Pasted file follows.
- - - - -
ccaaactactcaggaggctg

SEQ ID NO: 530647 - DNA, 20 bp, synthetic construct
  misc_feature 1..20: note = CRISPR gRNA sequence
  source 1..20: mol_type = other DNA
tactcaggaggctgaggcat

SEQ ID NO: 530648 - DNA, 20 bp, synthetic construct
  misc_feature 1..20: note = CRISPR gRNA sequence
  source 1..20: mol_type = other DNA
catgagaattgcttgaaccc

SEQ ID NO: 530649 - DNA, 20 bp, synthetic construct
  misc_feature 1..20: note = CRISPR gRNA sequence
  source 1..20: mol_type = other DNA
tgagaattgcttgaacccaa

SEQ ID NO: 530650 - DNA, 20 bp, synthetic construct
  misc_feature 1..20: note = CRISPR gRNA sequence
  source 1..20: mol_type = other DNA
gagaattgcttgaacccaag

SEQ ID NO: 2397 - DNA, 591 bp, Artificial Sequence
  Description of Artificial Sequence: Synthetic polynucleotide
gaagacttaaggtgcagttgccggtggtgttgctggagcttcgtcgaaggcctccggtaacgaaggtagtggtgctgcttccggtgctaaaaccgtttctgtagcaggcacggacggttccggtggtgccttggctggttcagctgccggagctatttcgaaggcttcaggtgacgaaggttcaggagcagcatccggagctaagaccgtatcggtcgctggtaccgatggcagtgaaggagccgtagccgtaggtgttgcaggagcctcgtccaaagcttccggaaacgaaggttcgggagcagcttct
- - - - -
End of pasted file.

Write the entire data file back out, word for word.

ccaaactactcaggaggctg

SEQ ID NO: 530647 - DNA, 20 bp, synthetic construct
  misc_feature 1..20: note = CRISPR gRNA sequence
  source 1..20: mol_type = other DNA
tactcaggaggctgaggcat

SEQ ID NO: 530648 - DNA, 20 bp, synthetic construct
  misc_feature 1..20: note = CRISPR gRNA sequence
  source 1..20: mol_type = other DNA
catgagaattgcttgaaccc

SEQ ID NO: 530649 - DNA, 20 bp, synthetic construct
  misc_feature 1..20: note = CRISPR gRNA sequence
  source 1..20: mol_type = other DNA
tgagaattgcttgaacccaa

SEQ ID NO: 530650 - DNA, 20 bp, synthetic construct
  misc_feature 1..20: note = CRISPR gRNA sequence
  source 1..20: mol_type = other DNA
gagaattgcttgaacccaag

SEQ ID NO: 2397 - DNA, 591 bp, Artificial Sequence
  Description of Artificial Sequence: Synthetic polynucleotide
gaagacttaaggtgcagttgccggtggtgttgctggagcttcgtcgaaggcctccggtaacgaaggtagtggtgctgcttccggtgctaaaaccgtttctgtagcaggcacggacggttccggtggtgccttggctggttcagctgccggagctatttcgaaggcttcaggtgacgaaggttcaggagcagcatccggagctaagaccgtatcggtcgctggtaccgatggcagtgaaggagccgtagccgtaggtgttgcaggagcctcgtccaaagcttccggaaacgaaggttcgggagcagcttct